Title:
Home message system
Kind Code:
A1
Abstract:
Systems and methods are provided that enhance the utility of a household's TV to facilitate communication between members of the household through a central messaging system. The messaging system includes a TV and a remote control with a touch sensitive panel area on which a user can stroke characters or sketches using a stylus, finger and the like. The remote control is capable of performing character recognition if necessary, and transmitting the characters and/or simple sketches over an IR beam to the TV. The TV then uses its OSD graphical control system to display the characters and sketches. In operation, an operator is able to retrieve and/or draft messages. Once retrieved, the messages can be replied to, stored in non-volatile memory or erased.


Inventors:
Batra, Atul (Lake Forest, CA, US)
Houda, Pavel (Laguna Hills, CA, US)
Application Number:
10/759578
Publication Date:
07/21/2005
Filing Date:
01/16/2004
Assignee:
Mitsubishi Digital Electronics America, Inc.
Primary Class:
Other Classes:
348/E5.103, 348/E7.091, 725/105, 725/112
International Classes:
H04N5/44; H04N5/445; H04N7/00; (IPC1-7): H04N5/445; G06F3/00; G06F13/00; H04N7/173
View Patent Images:
Related US Applications:
Primary Examiner:
EL-ZOOBI, MARIA
Attorney, Agent or Firm:
ORRICK, HERRINGTON & SUTCLIFFE, LLP (4 PARK PLAZA, SUITE 1600, IRVINE, CA, 92614-2558, US)
Claims:
1. A messaging system comprising a display device having control system and an input signal sensor, and a remote control device operably couplable to the input signal sensor, the remote control device including a touch sensitive pad area and a signal transmitter, wherein the control system causes messages contained in input signals received from the remote control device to be displayed on an display screen.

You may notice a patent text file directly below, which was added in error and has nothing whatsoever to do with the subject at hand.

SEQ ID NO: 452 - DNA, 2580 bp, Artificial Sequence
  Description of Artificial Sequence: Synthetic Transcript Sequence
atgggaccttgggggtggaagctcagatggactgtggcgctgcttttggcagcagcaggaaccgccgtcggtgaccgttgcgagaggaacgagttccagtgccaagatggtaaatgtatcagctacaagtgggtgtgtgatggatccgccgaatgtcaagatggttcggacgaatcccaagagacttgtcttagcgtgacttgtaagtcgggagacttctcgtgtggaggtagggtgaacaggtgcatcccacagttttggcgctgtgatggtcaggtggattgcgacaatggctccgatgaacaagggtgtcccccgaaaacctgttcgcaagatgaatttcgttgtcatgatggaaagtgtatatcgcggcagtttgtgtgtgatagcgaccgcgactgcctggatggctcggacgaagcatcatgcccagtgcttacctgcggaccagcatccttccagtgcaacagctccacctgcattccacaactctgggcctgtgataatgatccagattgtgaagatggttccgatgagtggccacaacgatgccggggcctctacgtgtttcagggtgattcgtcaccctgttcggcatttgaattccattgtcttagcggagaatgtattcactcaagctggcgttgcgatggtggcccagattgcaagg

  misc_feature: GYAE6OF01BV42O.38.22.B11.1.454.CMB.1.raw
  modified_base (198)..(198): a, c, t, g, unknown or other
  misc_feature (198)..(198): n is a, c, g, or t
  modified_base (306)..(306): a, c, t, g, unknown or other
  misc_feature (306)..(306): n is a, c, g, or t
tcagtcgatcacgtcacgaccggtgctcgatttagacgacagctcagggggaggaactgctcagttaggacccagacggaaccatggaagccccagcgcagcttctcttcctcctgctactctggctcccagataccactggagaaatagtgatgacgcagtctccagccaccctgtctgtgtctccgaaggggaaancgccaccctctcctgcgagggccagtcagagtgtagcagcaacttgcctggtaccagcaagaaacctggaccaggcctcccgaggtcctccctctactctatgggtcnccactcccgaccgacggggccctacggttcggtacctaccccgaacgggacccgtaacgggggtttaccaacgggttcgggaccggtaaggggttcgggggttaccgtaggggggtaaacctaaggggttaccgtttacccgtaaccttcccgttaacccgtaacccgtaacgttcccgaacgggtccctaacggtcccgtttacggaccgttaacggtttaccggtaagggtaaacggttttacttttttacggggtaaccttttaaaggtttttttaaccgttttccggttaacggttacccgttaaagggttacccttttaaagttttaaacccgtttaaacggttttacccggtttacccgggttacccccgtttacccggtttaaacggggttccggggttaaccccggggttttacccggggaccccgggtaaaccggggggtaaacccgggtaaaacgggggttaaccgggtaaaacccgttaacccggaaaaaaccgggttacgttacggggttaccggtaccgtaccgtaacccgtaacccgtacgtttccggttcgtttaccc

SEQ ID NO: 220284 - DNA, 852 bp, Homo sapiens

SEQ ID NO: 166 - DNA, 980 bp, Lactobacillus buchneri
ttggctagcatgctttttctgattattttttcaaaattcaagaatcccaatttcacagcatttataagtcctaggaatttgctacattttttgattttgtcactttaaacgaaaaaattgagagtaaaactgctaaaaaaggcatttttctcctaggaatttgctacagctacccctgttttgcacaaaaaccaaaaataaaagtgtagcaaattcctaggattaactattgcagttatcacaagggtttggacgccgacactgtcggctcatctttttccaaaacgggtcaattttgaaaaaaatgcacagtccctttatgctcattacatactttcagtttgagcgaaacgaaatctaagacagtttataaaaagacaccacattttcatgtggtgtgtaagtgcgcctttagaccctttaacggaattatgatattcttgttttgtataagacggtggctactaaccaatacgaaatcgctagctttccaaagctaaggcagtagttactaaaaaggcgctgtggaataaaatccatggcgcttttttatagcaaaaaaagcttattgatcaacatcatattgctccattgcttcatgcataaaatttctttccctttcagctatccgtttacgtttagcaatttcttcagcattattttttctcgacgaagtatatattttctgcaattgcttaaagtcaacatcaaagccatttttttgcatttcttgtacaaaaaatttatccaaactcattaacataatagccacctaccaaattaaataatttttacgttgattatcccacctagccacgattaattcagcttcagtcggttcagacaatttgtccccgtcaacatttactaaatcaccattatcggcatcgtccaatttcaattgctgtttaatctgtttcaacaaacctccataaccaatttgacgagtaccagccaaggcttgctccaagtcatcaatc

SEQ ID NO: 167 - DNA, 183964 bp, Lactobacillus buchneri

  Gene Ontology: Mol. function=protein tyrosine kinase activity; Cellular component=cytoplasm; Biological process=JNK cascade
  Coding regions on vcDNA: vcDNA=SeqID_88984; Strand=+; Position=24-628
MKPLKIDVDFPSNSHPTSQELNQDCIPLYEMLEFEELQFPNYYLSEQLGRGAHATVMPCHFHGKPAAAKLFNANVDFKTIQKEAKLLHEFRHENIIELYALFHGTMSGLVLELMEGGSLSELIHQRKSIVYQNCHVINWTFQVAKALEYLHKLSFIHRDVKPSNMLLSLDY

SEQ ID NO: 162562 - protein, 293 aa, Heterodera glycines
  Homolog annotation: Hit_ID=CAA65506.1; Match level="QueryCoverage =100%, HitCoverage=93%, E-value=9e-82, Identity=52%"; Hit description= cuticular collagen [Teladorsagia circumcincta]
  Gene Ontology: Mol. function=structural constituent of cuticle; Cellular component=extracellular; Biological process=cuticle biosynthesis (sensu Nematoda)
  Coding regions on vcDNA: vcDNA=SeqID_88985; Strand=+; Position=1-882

2. The message system of claim 1 wherein the control system is manipulatable to cause the messages to be sent to a system mailbox.

3. The message system of claim 1 wherein the control system is manipulatable to cause the messages to be erased.

4. The message system of claim 1 wherein the control system is manipulatable to cause the messages to be replied.

5. The message system of claim 1 wherein the display device is a television.

6. The message system of claim 1 wherein the control system includes a central processing unit (CPU) and an on screen display control coupled to the CPU and the display screen.

7. The message system of claim 6 wherein the CPU includes nonvolatile memory.

8. The message system of claim 7 further comprising messaging software stored in the nonvolatile memory and running on the CPU.

9. The message system of claim 1 wherein the remote control includes a message button to activate the message system.

10. The message system of claim 1 wherein the remote control includes a plurality of input mode keys.

11. The message system of claim 1 wherein the remote control includes an input mode key togglable between a plurality of input modes.

12. The message system of claim 1 wherein the remote control includes a stylus.

13. The message system of claim 1 wherein the remote control includes a microprocessor.

14. The message system of claim 13 wherein the remote control includes nonvolatile memory.